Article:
Ned Lamont's upset victory over incumbent Sen. Joe Lieberman in
Connecticut's Democratic primary Tuesday is an electoral lesson about the power
-- and potential liabilities -- of bloggers and online organizers, a
growing liberal political force collectively known as the "netroots."
From the initial support of Lamont by influential bloggers like Markos
Moulitsas of the Daily Kos to the cash and volunteers supplied by the online
progressive hub MoveOn.org to the 11th-hour accusations on Tuesday that vandals
had hacked into Lieberman's campaign Web site, the netroots have been a driving
force in the campaign.
Ned Lamont, addressing supporters in Meriden, Conn., says he will push for a withdrawal of U.S. forces from Iraq. Reuters photo by Mike Segar
The netroots pushed voters to challenge Lieberman's support for the Iraq
war and raised the national profile of Lamont, a previously unknown candidate.
While some observers say the election's outcome should be seen as a
milestone for how the new media is reshaping politics, few suggest that online
liberal activists were entirely responsible for Lamont's victory. Rather, the
netroots amplified the political debate already rumbling in liberal
Connecticut: Lieberman was a vulnerable incumbent with ties to an unpopular war
in Iraq and to President Bush; Lamont is a multimillionaire cable television
executive with an anti-war stance and next to no political record other than
serving on local boards.
"Connecticut is a true blue state, and Lieberman is a little bit purplish,
and that angered people here," said Andy Sauer, executive director of
Connecticut Common Cause, a nonprofit organization that does not endorse
candidates. He has worked with operatives on both campaign staffs. The
netroots, Sauer said, "facilitated that emotion that was out there."
MoveOn.org Washington director Tom Mattzie said Tuesday, "We played a
small role in a larger effort." He estimated that 2,000 of MoveOn's 50,000
Connecticut members volunteered to help Lamont, and members nationwide raised
more than $250,000 for the candidate.
The online effort was strong, Mattzie said, "but if the voters aren't
feeling it for a candidate, it doesn't mean the same thing."
Jane Hamsher, who gets 75,000 visitors daily to her www.firedoglake.com
blog, spent the past month following and promoting the Lamont campaign. The
part-time Los Angeles resident downplayed the raising of $60,000 for the
campaign through her site, saying Tuesday that "there's a tendency to give the
blogs more credit than they deserve."
"But the fact is that an 18-year-incumbent (Lieberman) has a lot more
access to the media and can shape his narrative better," said Hamsher, the
producer of the film "Natural Born Killers." "We just helped (Lamont) to tell
his story a little better."
Hamsher's blog provided Lamont with an uncomfortable moment last week and
a lesson on how bloggers can become part of the daily news coverage in this new
era. A contributor posted a digitally altered photo of Lieberman in blackface.
It was in response to comments on Hamsher's blog about Lieberman's campaigning
in the African American community. Hamsher removed the photo after Lieberman's
campaign complained and tried to link Hamsher -- who is not paid by the
campaign -- to Lamont.
"Yes, I exercised bad judgment there," said Hamsher, who did not post the
photo herself. "But bloggers are just people like other voters. You can't hold
a candidate responsible for all the people who support them."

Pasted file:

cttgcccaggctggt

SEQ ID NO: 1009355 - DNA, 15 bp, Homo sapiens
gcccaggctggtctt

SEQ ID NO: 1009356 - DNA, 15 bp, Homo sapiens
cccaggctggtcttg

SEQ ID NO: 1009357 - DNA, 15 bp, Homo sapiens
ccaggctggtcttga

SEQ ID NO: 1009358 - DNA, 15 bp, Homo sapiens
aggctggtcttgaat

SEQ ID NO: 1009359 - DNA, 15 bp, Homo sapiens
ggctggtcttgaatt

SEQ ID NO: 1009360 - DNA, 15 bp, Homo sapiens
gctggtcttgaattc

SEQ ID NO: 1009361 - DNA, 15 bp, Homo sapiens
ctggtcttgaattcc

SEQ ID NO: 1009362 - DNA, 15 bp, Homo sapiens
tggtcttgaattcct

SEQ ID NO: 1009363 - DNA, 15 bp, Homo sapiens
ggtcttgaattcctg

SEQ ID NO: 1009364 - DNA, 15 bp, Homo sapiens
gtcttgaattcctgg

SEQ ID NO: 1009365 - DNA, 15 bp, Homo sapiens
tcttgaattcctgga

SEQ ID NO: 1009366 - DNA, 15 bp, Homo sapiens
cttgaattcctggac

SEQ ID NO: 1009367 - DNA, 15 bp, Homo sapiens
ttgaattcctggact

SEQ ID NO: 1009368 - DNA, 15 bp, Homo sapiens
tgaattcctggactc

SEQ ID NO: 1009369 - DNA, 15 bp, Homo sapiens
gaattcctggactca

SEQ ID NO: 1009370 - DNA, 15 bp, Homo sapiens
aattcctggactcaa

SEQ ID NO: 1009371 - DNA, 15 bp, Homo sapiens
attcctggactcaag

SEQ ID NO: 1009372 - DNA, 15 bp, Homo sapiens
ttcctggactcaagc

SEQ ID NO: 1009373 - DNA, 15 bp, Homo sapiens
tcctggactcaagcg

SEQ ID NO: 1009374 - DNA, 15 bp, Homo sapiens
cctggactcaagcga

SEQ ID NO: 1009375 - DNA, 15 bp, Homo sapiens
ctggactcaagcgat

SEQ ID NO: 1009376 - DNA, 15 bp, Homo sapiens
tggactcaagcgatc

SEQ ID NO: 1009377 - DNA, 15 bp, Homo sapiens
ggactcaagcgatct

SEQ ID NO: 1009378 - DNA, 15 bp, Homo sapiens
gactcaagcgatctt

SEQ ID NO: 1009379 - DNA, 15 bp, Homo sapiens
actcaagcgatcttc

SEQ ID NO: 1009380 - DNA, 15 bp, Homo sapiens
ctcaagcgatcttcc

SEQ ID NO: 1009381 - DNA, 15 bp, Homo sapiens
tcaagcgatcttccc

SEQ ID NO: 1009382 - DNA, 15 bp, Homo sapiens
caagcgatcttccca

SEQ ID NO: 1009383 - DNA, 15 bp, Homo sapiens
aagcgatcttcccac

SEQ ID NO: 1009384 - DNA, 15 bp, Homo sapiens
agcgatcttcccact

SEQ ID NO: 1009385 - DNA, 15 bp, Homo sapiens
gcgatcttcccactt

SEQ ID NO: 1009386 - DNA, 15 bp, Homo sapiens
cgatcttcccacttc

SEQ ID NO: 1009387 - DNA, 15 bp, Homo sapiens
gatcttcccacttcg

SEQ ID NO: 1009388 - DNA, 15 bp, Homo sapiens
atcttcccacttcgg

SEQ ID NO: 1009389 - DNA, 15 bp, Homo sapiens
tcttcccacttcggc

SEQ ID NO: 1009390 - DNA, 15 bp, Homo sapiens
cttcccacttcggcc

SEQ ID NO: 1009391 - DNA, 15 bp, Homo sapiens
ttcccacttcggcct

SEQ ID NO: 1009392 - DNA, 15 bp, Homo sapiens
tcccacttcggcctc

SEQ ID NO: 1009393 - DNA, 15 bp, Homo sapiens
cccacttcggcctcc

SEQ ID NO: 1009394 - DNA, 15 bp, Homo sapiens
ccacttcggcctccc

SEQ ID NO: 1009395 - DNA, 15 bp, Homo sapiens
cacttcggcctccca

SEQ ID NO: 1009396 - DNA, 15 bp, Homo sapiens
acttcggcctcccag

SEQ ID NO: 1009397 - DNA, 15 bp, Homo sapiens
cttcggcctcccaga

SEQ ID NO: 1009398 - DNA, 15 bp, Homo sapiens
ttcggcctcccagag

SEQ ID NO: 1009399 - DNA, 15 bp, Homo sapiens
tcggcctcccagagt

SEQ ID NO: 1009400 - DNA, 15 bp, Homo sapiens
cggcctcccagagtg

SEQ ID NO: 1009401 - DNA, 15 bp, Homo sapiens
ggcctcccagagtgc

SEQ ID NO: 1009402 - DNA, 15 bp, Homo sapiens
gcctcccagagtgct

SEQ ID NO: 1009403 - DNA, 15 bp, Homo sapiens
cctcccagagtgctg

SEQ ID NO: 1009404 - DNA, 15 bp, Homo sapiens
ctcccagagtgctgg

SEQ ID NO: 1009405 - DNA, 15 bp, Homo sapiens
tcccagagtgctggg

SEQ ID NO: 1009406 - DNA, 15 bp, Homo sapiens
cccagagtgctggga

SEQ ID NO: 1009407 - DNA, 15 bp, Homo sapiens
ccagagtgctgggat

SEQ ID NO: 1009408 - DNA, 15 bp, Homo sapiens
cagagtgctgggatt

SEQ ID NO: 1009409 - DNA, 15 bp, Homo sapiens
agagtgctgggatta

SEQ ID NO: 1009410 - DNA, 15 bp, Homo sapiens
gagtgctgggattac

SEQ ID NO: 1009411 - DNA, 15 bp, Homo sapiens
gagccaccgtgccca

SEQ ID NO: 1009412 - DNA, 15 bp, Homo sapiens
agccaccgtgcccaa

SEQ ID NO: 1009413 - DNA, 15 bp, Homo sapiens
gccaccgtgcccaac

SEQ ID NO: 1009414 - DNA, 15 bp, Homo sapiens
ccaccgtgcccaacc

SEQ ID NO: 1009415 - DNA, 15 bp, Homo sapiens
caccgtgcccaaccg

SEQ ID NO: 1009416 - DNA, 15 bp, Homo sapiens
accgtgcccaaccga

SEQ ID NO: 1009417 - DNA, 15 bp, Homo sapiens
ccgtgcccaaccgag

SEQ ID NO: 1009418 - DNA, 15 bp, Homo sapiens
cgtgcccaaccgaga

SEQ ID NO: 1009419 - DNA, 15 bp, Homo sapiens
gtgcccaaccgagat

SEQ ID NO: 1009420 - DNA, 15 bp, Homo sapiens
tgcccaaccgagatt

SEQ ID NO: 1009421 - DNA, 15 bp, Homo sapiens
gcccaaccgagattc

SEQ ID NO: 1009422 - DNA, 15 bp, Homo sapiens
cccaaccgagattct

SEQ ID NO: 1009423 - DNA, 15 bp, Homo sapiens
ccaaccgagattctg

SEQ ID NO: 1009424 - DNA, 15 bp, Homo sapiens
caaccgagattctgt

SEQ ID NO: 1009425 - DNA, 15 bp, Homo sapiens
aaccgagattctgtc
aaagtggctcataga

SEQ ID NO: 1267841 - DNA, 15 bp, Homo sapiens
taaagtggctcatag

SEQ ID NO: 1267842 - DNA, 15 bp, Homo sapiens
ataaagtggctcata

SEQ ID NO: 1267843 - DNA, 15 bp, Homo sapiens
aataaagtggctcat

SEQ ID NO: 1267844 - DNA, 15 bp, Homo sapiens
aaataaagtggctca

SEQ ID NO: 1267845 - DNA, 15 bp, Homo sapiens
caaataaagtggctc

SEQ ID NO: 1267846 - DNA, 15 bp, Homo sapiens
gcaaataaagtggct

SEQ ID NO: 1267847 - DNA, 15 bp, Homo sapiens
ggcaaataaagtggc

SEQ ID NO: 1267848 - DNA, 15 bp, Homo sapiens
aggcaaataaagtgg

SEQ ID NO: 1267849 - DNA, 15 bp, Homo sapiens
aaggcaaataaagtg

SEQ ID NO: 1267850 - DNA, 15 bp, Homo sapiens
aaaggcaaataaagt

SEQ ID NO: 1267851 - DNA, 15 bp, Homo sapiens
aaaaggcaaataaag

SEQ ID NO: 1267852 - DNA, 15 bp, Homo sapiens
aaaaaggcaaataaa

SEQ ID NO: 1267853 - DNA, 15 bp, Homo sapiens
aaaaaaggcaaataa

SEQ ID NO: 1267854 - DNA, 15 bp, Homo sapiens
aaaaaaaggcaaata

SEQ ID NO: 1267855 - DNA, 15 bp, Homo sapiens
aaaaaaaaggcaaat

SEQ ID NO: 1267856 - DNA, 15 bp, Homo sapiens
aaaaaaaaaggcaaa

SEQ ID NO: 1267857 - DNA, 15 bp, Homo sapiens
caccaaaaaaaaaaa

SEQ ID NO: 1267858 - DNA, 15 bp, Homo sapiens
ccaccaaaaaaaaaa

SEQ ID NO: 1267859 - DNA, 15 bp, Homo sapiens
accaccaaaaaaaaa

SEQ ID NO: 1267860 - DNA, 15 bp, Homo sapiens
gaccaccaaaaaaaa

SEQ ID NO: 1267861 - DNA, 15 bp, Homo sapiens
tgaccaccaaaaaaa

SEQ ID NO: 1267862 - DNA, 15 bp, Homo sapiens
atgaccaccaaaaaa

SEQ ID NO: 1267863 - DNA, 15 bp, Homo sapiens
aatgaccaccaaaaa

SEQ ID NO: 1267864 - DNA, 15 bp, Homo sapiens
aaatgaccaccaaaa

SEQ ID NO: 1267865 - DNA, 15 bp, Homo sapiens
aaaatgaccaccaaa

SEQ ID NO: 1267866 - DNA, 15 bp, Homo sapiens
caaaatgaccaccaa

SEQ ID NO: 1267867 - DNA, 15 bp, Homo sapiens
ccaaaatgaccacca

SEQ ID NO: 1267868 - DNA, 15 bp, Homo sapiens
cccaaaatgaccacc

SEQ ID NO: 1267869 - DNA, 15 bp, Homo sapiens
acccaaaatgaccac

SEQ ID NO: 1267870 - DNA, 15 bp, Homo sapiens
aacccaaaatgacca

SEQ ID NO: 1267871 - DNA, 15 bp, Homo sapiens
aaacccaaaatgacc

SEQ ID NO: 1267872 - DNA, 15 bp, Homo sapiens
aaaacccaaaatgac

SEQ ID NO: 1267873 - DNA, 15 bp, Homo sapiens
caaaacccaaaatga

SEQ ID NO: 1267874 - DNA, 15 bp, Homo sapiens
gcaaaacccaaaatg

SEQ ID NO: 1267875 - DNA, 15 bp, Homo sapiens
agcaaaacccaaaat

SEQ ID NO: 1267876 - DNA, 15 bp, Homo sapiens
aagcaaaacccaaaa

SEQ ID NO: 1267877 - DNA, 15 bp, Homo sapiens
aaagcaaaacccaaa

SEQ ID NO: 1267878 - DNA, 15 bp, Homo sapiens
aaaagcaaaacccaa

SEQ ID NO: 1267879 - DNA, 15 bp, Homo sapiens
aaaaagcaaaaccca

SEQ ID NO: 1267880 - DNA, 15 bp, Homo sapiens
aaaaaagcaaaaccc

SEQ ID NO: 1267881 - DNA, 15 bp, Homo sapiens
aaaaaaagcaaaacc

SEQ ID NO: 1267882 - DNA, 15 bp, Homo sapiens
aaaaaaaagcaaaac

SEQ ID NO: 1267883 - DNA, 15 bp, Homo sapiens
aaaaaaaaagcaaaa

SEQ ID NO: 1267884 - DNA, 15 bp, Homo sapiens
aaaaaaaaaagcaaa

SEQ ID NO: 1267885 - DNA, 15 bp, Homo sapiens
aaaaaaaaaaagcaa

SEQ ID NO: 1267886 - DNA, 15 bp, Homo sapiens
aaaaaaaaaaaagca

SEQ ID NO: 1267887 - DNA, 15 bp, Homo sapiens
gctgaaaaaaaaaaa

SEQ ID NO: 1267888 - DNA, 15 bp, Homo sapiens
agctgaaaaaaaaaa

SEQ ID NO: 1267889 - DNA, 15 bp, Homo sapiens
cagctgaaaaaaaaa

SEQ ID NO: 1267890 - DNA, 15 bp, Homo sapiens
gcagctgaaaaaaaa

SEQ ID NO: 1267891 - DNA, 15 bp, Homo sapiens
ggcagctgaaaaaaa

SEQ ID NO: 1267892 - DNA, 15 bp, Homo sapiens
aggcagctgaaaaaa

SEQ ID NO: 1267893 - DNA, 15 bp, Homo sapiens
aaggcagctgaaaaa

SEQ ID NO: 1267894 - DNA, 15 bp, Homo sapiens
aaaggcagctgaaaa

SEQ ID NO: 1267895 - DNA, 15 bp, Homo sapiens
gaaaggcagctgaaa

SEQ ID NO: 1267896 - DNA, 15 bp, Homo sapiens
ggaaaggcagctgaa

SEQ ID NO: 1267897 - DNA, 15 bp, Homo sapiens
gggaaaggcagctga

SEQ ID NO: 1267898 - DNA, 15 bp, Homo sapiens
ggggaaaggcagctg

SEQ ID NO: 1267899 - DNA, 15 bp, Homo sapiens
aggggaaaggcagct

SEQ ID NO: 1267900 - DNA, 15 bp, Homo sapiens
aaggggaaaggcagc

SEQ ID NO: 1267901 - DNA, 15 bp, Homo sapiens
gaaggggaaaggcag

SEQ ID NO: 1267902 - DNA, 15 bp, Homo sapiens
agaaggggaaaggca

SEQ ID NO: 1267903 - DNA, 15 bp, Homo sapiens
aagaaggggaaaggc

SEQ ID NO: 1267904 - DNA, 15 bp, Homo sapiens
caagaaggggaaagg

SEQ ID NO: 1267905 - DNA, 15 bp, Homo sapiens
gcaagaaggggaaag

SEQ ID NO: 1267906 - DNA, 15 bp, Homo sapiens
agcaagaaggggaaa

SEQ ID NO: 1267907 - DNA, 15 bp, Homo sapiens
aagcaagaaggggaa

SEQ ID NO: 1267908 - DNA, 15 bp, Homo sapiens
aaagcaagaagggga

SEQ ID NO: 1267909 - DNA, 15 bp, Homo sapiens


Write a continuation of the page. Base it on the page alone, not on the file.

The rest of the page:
Lanny Davis, a former special counsel to President Bill Clinton and a
Lieberman supporter, complained Tuesday about anti-Lieberman comments he found
on liberal blogs. "I came to believe that we liberals couldn't possibly be so
intolerant and hateful," he wrote in the Wall Street Journal. "Now, in the
closing days of the Lieberman campaign, I have reluctantly concluded that I was
But bloggers and other Lamont supporters noted that Davis quoted from
anonymous posters on liberal blogs, which is like associating the views
expressed in a letter to the editor with those of a newspaper's editorial board
-- except that letters to the editor are signed with writers' full names and
are selected for publication.
"It's just another thing to make blogs sound scary to people who are not
familiar with them," said Jennifer Nix, who has worked with Moulitsas and other
liberal bloggers and is now a fellow at the San Francisco-based New Politics
Nix and others believe the same blame-the-bloggers tactic was behind
accusations Tuesday by the Lieberman campaign that Lamont supporters had
sabotaged its Web site. Lamont's campaign offered to host his rival's site, or
help repair it, but said it did not get a response from Lieberman's camp.
This final flurry was a fitting end to a campaign in which bloggers pushed
the daily headlines.
Months ago, Moulitsas, whose www.dailykos.com receives roughly 600,000
daily visitors, spread the word of local support building for Lamont as well as
criticism of Lieberman's backing of the Iraq war. Earlier this year, Moulitsas
starred in a television commercial with Lamont. The blogger peeks into the
window of Lamont's home as the candidate is filming a campaign commercial, then
leads a troop of people inside and says, "We all want to volunteer."
"The blogs are certainly early amplifiers of interest in a campaign," said
Benjamin Rahn, of ActBlue.com, an online fundraising site for Democratic
candidates. More than 6,800 Lamont supporters raised $289,500 through ActBlue;
nine Lieberman supporters ponied up $359 there. "But the polling wouldn't have
been where it was if it was just Markos saying, 'Vote for Ned.' "
Indeed, on his Web site Tuesday, Moulitsas deferred praise, saying the
"Netroots is just a tiny subset of the broader progressive movement."
©2006 San Francisco Chronicle